It was about 20 or 25 minutes after the last out, and the celebrations finally had died down, at least a little bit, on the field at Jackie Robinson Stadium out in Los Angeles. Michigan had just bounced mighty UCLA and punched its first ticket to the College World Series in 35 years, and the atmosphere was absolutely lit.
But by now, it was a much quieter moment, and Joe Donovan had spotted his parents, Jim and Karen, down the first-base line, near the bullpens.
As he strolled to the family section for some celebratory embraces, Donovan spotted a kid, wearing a Michigan sweatshirt and a Nike hat. He had dark hair. The kid waved at Donovan, like they had known each for years.
"I just figured it was just another kid watching the game," Donovan said. "As I went over to my parents and hugged them, the kid started walking toward me and said, 'Thank you so much, you're my favorite player on the field. Congratulations.' I said, 'What's your name?' And he said, 'Charlie.'"
"Oh my God, you're gonna make me cry."
Donovan's mom did, indeed, lose it.
Joe asked little Charlie what position he played, already knowing the answer.
"He's gonna say shortstop, and I asked him, and he did say shortstop," Joe said. "It sent chills down my spine. He reminded me of Charlie at that age.
"It was an out-of-body experience."
Michigan's amazing run to Omaha, which continued with a 5-3 opening victory over Texas Tech on Saturday, has featured some amazing moments by a whole lot of different Wolverines, but the thoughts of Donovan also are on one Wolverine who isn't here. Or maybe, just maybe, he is here.
Donovan's older brother, Charlie, was supposed to be a senior on this year's team. Charlie was the best high-school player in Illinois, that state's Gatorade player of the year. He was a shortstop. He was a speedster. He swung a dangerous left-handed bat. But Charlie never suited up for Michigan. In November 2015, the semester he was supposed to be starting his journey in Ann Arbor if not for a bout of mono that forced him to defer his enrollment until January, Charlie died unexpectedly. He was just 18.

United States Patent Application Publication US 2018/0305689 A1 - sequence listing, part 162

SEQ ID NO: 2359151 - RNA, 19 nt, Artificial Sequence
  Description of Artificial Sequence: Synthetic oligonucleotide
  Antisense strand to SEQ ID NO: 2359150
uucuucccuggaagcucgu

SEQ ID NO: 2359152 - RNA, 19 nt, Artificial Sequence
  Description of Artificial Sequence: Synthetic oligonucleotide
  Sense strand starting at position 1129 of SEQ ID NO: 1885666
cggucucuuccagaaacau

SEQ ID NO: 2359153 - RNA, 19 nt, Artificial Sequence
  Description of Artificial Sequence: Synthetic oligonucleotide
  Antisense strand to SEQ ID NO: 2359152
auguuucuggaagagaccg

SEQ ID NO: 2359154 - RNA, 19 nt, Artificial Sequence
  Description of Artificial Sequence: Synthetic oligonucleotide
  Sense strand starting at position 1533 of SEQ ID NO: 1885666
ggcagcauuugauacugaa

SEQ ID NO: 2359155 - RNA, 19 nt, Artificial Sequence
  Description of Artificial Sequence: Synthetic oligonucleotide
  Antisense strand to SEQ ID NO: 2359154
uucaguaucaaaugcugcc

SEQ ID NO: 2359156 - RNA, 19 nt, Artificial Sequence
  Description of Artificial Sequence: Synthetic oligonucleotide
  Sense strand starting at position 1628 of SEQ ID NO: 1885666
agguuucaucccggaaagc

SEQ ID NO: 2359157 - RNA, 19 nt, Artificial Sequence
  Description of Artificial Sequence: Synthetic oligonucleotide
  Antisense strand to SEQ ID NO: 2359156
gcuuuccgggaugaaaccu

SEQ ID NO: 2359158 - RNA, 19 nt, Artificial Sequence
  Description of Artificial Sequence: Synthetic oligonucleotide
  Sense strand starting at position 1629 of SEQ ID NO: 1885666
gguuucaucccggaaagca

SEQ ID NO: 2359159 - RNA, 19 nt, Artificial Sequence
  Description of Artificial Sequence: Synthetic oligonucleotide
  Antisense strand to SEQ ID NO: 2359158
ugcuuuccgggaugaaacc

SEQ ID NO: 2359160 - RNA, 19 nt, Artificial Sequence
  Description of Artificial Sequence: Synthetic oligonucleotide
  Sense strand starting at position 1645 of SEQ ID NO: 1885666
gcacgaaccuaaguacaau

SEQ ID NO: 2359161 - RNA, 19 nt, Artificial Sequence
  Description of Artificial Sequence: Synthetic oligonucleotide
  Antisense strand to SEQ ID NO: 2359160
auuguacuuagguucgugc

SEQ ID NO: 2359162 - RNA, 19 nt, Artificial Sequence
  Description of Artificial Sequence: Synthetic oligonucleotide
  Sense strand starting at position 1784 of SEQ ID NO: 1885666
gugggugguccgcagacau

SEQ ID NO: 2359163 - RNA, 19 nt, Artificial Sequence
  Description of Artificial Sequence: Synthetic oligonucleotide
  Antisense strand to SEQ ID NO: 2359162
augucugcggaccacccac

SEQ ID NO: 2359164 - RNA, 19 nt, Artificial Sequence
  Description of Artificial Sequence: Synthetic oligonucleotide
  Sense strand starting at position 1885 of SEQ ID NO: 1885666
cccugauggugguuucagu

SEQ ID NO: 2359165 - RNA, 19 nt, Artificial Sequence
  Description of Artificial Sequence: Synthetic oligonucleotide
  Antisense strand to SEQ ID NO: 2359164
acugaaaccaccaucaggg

Joe lost his best friend that day, but certainly has never forgotten him.
"You know, obviously, I'll think about him multiple, multiple times a day, just when I'm at school, or at home, just doing anything, but especially more in the baseball sense," Donovan said before Michigan's first game in the CWS. "Sometimes when I'm working on my swing, I'll think about stuff we would talk about, approaches we had. ... Or here, in the tournament, as it's been going on, it's been a lot of, 'Hey, Charlie, can you let the wind blow out a little more, help me catch one on the barrel, Charlie. In that second UCLA game (a 12-inning, 5-4 loss), I remember asking him, 'Please help us out, please let us win this."
'Almost like a twin'
Joe and Charlie Donovan, and their brother Jack, grew up in Clarendon Hills, Ill., a western suburb of Chicago. They were extremely close, especially when it came to sports. Separated by two years, Joe and Charlie might as well have been twins — fraternal, of course, given Joe's light-colored hair, and Charlie's dark-colored locks.
"We spent so much time together, whether it was playing Wiffle Ball in the front yard, or basketball in the driveway, Frisbee, golf," Joe said. "We had an understanding of each other. I describe to some people, it was almost like a twin. I didn't have to hear him say anything. I could see it, sense what he was going through.
"I could look at him, give him a half-smirk, and he'd know exactly what I was thinking."
They played a lot of sports. They would race in the street, trees marked to measure the 60-yard course. Charlie would win. Always. He was so fast, Joe called him "Flash." If Joe ever caught Charlie, it only was because Charlie was exhausted.
But it was baseball where the bond always was strongest.